I was not exactly angry but definitely wanted to complain, so I sort of started walking around the building and trying to remember how to spell security’s Twitter handle; I also wanted to text a friend to open the doors for me but I wasn’t sure who was inside. (Obviously I still had a flip phone in the dream.) And while I was looking around I saw below me (remember, I mentioned the campus in the dream didn’t actually look like OCAD, I was on a terrace of some kind looking at some sort of wide stairs going down leading to an entrance below me. This doesn’t exist in OCAD. More like some sort of civic building or maybe some university in Hong Kong.) trying to walk towards the stairs leading to the building and the students below me found the entire edge of the building locked with a glass wall.

As they turned around (presumably giving up and leaving) a back door to the building next to me opened. (As I mentioned this didn’t look like OCAD. It was a white building instead of a building with a glass wall.) I ran towards the door and got in, and yelled to the students at the entrance that Security had already locked the doors but they didn’t seem to get what I was saying from their blank looks (probably because they also didn’t expect this so they thought I was crazy). I ran up the stairs and saw another group of students working on some sort of a flattish piece of installation (never mind it was still inside the stairwell and that one of the students was Bing :) and I again yelled at them The doors has been locked. Everyone don’t get out.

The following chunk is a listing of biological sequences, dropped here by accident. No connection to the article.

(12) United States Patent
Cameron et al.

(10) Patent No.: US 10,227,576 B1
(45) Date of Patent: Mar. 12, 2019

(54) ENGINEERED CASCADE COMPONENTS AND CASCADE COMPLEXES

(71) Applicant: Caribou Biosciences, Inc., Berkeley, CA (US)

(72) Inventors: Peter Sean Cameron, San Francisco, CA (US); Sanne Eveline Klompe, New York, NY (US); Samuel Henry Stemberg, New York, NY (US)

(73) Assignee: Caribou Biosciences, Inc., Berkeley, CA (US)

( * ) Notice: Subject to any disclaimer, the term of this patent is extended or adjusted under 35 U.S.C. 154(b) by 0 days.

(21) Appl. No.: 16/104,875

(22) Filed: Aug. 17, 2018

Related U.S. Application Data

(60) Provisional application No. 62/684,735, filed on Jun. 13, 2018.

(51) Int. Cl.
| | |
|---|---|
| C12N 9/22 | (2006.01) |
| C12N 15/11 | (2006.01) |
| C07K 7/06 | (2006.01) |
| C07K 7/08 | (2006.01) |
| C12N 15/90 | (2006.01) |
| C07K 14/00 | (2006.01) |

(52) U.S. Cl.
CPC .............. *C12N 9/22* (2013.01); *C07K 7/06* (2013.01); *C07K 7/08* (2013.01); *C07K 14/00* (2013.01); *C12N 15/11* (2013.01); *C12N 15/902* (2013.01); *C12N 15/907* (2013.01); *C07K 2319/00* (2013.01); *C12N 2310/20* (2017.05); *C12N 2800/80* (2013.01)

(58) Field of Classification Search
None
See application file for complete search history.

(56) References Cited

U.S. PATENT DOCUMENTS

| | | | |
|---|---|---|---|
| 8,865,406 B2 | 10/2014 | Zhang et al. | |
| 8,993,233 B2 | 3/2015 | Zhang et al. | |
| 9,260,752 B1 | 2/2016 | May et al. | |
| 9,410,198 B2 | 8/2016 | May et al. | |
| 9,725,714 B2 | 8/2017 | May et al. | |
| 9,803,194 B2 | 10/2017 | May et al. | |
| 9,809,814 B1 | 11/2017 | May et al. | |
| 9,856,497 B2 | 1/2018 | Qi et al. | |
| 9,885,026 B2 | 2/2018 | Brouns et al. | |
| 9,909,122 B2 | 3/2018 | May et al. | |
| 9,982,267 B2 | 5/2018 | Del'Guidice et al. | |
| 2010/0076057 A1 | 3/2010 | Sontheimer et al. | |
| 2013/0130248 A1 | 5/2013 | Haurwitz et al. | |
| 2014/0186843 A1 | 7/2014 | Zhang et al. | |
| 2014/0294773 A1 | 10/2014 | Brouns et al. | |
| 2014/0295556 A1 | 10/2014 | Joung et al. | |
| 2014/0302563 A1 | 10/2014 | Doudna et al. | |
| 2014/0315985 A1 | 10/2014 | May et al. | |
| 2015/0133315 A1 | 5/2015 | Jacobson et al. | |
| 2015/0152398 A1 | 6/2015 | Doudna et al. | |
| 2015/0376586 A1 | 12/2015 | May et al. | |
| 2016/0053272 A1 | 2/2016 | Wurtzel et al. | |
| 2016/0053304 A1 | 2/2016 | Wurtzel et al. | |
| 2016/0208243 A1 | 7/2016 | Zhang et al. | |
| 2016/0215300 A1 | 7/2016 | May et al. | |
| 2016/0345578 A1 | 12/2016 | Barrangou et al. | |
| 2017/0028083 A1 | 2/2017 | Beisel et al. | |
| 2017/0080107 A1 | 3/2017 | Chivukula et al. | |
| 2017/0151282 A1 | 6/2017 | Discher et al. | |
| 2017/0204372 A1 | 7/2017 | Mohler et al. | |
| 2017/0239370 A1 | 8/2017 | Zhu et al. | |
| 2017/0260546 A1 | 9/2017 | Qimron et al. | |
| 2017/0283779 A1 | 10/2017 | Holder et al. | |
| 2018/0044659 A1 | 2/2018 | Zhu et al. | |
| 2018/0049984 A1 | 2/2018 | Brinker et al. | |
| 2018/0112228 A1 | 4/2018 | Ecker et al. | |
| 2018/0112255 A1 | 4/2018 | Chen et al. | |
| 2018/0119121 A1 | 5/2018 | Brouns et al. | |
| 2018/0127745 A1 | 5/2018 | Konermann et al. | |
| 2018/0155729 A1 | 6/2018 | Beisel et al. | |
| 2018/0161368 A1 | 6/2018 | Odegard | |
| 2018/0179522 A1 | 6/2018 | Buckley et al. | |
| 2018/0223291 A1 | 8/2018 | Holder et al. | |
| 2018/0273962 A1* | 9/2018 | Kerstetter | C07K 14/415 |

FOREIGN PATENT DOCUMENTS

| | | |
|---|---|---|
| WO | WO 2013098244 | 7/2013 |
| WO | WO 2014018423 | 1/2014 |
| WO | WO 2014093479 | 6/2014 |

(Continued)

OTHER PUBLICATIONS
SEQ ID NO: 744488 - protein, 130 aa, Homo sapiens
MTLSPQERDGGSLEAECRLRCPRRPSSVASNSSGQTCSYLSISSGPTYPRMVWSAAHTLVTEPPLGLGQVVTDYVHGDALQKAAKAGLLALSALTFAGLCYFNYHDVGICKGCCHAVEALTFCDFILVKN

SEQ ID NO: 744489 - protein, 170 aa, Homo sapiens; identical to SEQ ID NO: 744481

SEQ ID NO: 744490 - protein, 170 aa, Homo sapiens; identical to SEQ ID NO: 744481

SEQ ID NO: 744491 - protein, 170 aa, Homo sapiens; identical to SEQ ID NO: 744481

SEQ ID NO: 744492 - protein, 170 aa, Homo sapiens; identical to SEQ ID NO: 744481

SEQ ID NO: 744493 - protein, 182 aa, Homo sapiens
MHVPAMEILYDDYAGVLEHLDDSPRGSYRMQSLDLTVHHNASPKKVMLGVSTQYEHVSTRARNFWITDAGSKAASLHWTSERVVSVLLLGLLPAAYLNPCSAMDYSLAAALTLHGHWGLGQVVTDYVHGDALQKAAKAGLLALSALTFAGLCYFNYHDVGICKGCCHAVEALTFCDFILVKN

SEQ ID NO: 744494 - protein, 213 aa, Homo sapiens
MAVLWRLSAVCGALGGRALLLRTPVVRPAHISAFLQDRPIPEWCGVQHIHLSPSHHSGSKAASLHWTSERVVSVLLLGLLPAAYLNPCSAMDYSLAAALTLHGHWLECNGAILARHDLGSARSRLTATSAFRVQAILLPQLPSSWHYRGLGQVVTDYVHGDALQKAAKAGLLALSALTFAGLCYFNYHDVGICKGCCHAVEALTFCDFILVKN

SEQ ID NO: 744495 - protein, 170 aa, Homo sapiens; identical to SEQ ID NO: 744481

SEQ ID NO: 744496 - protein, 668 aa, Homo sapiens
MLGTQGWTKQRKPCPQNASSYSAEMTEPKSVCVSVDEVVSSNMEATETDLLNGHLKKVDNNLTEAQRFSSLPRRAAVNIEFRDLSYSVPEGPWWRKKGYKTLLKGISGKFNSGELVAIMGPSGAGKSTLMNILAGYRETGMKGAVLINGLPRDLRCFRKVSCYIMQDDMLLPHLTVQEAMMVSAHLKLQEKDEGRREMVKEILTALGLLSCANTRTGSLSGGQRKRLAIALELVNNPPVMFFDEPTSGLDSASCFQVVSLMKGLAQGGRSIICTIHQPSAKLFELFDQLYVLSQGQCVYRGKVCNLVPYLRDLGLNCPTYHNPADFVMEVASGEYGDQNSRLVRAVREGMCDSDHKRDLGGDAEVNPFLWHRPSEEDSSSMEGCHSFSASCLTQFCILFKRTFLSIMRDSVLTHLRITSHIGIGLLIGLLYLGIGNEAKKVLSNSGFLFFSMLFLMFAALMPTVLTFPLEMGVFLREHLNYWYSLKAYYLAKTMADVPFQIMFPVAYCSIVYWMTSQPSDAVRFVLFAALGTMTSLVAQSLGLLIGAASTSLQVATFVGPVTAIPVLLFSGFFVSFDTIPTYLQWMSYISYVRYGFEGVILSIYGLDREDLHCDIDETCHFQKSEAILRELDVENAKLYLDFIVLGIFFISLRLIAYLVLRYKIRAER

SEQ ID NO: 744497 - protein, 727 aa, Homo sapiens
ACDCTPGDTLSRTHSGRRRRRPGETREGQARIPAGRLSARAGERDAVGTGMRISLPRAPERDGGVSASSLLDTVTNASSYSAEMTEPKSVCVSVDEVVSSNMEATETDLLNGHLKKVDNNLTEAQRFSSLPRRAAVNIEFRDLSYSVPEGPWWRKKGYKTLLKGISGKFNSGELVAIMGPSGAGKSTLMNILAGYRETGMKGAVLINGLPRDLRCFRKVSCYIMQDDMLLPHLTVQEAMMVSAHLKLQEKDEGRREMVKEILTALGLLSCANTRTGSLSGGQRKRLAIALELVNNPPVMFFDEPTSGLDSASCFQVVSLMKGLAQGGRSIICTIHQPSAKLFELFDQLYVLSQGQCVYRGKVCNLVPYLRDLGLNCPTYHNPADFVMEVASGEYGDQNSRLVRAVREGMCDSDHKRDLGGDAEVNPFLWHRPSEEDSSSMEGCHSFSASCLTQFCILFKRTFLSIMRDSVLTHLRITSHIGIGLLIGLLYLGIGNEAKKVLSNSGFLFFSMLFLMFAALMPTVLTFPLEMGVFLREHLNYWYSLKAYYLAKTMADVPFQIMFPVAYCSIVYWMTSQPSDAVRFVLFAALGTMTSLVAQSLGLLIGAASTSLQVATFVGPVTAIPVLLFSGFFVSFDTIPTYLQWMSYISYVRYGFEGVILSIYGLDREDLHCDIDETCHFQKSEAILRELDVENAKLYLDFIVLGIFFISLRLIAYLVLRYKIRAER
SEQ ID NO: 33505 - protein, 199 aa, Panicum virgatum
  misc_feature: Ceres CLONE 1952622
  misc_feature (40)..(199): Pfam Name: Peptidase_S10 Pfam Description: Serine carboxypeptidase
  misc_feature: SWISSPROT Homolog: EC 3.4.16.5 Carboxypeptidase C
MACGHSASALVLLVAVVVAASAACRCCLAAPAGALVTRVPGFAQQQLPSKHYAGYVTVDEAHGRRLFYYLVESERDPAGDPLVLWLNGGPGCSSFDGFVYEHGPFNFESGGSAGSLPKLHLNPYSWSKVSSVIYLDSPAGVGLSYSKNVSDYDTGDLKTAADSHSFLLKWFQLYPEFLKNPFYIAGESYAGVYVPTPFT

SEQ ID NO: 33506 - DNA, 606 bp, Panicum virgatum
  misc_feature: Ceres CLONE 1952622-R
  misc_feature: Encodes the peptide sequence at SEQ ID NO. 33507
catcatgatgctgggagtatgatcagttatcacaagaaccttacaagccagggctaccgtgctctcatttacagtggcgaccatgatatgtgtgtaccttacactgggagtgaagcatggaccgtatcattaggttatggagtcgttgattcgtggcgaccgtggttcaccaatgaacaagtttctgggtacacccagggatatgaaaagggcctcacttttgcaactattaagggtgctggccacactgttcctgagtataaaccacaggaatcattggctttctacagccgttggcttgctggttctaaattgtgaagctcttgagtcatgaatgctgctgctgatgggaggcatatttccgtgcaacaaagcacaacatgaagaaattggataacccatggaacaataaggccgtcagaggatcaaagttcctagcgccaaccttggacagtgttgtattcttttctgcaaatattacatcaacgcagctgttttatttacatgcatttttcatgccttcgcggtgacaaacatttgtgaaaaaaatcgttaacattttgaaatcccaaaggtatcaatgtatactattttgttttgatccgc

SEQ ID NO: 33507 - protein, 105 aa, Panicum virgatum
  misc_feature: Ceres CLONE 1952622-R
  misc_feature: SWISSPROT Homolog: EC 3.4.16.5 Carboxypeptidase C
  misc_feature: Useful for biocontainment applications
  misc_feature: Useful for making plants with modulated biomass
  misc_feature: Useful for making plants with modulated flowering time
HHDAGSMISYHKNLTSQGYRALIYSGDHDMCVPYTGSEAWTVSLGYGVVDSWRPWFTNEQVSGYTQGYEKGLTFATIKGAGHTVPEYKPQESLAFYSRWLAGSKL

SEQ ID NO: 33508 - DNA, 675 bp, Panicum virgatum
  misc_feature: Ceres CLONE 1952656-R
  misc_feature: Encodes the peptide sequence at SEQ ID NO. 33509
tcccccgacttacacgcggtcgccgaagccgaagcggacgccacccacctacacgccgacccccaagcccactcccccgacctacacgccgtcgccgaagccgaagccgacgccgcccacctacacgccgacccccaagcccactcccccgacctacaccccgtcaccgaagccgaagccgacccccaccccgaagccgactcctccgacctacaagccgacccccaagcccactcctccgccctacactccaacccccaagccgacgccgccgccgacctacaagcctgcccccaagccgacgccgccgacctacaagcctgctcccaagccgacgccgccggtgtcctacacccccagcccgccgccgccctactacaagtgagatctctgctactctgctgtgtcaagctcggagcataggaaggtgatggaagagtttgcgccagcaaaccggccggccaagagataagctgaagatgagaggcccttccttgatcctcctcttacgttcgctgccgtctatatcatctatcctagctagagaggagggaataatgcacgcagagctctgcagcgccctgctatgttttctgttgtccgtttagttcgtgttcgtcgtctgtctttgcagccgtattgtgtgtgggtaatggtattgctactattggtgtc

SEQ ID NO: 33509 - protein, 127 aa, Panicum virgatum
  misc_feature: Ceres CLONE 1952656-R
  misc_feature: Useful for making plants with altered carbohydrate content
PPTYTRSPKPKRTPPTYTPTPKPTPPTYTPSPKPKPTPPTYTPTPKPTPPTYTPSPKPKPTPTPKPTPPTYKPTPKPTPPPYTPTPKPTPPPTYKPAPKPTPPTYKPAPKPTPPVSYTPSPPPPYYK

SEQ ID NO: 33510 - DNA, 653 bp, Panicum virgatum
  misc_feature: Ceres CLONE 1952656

Then I continued running up the stairs trying to think about how to tweet a complaint or somehow write one. Then I reached the floor I wanted to reach and opened the door. (Yes, a single door. Weird. And never mind it was the wrong building. Maybe the OCAD in my dream finally built tunnels between its buildings.) It was a grand interior (remember, the campus I saw in the dream didn’t look like OCAD. It looked more like the lobby of a big convention centre or maybe UW’s new student centre.) with a ceiling that’s at least two storeys high with huge floor-to-floor glass walls looking at the pretty sky outside….